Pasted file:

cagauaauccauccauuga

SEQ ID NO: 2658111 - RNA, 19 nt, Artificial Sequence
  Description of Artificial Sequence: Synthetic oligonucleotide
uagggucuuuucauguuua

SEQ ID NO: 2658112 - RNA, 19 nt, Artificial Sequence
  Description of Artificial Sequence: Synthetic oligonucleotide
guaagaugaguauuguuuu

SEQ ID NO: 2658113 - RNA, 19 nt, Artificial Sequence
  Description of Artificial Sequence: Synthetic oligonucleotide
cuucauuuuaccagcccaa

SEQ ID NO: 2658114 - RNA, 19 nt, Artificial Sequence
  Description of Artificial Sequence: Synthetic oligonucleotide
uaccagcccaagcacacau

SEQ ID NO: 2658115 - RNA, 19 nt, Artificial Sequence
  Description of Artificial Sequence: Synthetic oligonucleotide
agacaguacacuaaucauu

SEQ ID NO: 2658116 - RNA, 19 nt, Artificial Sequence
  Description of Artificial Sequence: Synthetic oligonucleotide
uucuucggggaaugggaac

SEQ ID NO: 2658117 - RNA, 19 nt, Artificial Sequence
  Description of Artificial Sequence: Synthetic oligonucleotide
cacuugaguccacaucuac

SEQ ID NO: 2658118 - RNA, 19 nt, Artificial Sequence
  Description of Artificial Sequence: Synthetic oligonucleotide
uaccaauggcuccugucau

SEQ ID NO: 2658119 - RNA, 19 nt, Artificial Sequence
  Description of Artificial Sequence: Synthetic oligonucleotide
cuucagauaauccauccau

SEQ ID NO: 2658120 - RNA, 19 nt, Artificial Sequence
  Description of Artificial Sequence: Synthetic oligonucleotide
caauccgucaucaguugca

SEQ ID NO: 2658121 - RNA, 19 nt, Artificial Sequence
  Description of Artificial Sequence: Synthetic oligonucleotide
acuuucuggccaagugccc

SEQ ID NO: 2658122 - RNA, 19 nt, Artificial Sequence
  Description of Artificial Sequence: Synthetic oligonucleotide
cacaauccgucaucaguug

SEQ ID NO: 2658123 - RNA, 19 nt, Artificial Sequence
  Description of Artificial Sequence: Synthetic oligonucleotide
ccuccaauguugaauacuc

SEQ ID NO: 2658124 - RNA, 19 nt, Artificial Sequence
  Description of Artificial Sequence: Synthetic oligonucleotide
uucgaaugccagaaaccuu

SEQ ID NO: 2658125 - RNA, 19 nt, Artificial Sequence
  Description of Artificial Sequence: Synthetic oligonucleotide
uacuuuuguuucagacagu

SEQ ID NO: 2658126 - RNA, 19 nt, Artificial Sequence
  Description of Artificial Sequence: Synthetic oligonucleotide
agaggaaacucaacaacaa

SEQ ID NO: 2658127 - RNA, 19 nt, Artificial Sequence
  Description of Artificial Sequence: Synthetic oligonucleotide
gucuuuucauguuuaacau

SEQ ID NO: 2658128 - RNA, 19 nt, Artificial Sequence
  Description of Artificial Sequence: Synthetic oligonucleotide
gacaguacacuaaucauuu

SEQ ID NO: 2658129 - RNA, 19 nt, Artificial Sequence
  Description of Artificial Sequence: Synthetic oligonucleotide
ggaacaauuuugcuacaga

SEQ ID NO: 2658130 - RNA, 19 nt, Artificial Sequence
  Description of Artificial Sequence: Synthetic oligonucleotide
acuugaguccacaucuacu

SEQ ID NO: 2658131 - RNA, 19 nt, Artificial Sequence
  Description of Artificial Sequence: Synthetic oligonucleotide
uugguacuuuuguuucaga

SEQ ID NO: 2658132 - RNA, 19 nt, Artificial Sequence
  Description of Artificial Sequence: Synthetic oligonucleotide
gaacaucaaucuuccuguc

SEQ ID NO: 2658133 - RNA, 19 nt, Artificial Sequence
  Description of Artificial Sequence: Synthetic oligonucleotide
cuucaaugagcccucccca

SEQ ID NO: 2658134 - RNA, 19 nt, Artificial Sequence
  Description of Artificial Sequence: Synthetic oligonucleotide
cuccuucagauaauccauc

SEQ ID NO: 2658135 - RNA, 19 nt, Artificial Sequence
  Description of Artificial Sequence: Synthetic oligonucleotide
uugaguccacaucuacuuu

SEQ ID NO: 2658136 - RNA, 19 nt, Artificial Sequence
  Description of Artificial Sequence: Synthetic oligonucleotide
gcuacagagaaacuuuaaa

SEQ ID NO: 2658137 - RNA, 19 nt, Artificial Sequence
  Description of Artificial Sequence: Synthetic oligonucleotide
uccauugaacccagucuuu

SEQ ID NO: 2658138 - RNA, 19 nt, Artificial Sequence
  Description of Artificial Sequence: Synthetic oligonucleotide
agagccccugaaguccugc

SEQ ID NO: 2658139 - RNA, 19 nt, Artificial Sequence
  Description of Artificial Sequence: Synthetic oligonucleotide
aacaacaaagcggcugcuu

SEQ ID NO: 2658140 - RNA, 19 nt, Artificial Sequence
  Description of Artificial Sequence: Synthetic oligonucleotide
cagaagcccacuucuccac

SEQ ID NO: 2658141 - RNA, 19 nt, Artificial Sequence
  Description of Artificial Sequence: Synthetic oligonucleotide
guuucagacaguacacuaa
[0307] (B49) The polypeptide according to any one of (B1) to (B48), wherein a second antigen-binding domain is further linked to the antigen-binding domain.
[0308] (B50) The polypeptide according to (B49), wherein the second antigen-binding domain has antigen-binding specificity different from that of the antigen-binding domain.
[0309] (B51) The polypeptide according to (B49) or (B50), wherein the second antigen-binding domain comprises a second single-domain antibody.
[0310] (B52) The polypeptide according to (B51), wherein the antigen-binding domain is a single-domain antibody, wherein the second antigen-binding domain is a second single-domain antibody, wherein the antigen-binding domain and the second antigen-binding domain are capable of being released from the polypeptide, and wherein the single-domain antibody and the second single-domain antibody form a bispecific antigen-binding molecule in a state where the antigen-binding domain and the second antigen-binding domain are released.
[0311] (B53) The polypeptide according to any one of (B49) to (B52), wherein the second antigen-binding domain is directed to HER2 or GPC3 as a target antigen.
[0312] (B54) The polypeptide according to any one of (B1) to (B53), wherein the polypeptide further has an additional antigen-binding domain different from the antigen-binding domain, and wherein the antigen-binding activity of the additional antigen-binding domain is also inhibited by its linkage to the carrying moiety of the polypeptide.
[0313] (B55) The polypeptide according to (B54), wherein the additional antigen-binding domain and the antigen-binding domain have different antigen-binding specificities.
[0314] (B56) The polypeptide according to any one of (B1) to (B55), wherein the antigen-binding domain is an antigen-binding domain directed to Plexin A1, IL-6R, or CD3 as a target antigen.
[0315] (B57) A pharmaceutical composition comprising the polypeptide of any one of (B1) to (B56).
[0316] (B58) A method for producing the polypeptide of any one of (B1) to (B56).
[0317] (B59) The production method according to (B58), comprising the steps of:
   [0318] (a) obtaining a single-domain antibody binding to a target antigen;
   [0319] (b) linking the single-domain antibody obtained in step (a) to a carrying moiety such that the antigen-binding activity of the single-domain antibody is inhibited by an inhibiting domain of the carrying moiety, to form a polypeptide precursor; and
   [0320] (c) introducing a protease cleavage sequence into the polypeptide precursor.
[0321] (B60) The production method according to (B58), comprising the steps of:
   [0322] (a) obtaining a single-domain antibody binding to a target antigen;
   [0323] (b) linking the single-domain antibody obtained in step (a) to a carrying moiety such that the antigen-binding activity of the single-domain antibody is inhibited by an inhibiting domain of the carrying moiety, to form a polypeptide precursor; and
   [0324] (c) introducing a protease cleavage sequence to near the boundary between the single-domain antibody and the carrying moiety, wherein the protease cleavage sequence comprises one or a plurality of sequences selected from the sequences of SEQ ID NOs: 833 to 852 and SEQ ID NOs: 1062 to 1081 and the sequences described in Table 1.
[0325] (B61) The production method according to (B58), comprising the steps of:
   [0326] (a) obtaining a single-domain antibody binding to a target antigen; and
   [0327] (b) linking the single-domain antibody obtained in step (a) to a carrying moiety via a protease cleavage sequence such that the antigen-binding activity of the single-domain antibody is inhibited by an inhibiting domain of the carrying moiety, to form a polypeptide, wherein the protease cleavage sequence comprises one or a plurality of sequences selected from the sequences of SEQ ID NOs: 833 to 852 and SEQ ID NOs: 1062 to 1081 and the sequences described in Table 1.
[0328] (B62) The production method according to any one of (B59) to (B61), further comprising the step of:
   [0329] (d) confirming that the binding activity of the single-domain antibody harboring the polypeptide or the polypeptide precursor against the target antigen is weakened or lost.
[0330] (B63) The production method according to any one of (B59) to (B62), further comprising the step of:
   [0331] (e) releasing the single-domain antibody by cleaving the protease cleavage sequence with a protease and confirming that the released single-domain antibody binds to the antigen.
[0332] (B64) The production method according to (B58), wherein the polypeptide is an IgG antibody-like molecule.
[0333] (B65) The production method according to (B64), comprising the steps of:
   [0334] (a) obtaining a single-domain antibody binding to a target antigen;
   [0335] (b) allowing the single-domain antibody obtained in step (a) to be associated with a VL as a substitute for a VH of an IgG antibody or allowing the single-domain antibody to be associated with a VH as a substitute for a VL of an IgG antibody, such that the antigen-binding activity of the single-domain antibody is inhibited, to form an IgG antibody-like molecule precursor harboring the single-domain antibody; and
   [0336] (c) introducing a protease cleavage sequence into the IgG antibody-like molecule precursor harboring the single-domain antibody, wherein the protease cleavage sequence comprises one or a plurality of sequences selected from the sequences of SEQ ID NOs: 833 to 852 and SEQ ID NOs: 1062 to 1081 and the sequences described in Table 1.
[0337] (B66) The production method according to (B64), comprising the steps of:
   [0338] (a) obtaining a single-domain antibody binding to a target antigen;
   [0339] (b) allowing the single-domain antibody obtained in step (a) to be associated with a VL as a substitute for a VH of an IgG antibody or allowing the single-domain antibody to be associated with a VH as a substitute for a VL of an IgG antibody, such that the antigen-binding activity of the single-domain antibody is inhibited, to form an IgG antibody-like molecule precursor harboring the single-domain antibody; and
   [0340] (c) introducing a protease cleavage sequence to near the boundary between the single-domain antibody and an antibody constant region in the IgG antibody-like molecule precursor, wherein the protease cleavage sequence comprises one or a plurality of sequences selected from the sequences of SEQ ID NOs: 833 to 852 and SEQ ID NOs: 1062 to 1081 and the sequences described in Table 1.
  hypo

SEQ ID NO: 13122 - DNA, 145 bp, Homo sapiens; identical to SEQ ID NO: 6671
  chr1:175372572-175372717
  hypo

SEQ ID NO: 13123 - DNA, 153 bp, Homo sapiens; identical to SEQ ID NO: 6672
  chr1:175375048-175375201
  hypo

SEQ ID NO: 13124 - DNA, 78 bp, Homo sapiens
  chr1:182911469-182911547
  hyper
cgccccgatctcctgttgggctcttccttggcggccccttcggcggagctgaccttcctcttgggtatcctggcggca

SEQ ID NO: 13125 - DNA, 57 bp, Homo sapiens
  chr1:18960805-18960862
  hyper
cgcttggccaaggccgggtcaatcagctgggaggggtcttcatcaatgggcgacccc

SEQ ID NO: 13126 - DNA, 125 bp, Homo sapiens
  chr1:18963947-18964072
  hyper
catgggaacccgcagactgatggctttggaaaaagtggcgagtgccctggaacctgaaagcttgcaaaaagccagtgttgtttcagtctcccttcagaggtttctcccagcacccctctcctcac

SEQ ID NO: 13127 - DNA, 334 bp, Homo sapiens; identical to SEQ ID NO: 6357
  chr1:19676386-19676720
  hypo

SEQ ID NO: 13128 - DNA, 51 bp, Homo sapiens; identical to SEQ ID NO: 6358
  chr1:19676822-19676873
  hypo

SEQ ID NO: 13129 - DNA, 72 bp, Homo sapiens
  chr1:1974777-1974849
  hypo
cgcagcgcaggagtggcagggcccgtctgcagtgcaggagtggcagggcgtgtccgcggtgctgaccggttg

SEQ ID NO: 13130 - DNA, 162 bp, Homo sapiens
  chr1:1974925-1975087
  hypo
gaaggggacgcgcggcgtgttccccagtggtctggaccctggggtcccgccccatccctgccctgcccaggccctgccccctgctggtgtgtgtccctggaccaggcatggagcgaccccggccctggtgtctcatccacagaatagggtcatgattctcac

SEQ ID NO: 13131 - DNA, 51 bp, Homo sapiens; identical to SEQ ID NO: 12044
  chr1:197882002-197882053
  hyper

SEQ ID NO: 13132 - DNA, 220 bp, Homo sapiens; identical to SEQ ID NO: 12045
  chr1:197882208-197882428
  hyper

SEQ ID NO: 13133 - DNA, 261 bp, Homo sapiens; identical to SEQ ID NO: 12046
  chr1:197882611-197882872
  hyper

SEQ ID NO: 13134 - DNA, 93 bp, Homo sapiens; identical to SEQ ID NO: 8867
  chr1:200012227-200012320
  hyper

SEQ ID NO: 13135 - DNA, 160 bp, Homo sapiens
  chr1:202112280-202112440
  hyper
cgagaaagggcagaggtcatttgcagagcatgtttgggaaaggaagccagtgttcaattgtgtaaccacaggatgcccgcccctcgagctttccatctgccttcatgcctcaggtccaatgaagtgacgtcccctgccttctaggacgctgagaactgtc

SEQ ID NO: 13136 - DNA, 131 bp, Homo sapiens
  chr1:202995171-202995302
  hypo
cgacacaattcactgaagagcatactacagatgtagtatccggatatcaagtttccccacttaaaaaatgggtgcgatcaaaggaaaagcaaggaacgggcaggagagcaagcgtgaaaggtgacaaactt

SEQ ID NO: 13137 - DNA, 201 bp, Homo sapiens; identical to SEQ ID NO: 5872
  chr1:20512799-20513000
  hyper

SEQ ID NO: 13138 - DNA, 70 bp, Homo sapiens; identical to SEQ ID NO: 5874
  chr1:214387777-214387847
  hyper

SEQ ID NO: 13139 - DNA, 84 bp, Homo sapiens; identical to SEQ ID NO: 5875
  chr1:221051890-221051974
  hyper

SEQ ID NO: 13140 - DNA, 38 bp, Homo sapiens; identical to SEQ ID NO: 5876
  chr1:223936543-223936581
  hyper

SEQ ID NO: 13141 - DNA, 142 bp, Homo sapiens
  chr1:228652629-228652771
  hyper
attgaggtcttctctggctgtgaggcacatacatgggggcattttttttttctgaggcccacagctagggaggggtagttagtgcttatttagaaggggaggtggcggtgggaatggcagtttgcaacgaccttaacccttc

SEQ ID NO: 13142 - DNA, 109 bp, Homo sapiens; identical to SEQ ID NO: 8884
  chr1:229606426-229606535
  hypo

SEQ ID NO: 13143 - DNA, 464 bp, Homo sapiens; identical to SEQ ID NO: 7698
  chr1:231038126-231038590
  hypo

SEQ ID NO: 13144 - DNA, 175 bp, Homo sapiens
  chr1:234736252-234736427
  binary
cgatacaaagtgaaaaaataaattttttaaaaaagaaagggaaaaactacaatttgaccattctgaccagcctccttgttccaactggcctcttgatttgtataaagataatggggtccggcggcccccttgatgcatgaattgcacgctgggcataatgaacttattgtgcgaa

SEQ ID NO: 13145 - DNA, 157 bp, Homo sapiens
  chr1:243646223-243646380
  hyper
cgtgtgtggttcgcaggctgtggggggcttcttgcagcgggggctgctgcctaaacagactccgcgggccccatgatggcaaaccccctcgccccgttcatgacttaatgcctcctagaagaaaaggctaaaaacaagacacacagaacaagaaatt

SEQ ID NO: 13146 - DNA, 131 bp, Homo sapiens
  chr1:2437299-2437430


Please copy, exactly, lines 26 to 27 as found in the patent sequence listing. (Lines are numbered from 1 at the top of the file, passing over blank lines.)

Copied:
SEQ ID NO: 2658119 - RNA, 19 nt, Artificial Sequence
  Description of Artificial Sequence: Synthetic oligonucleotide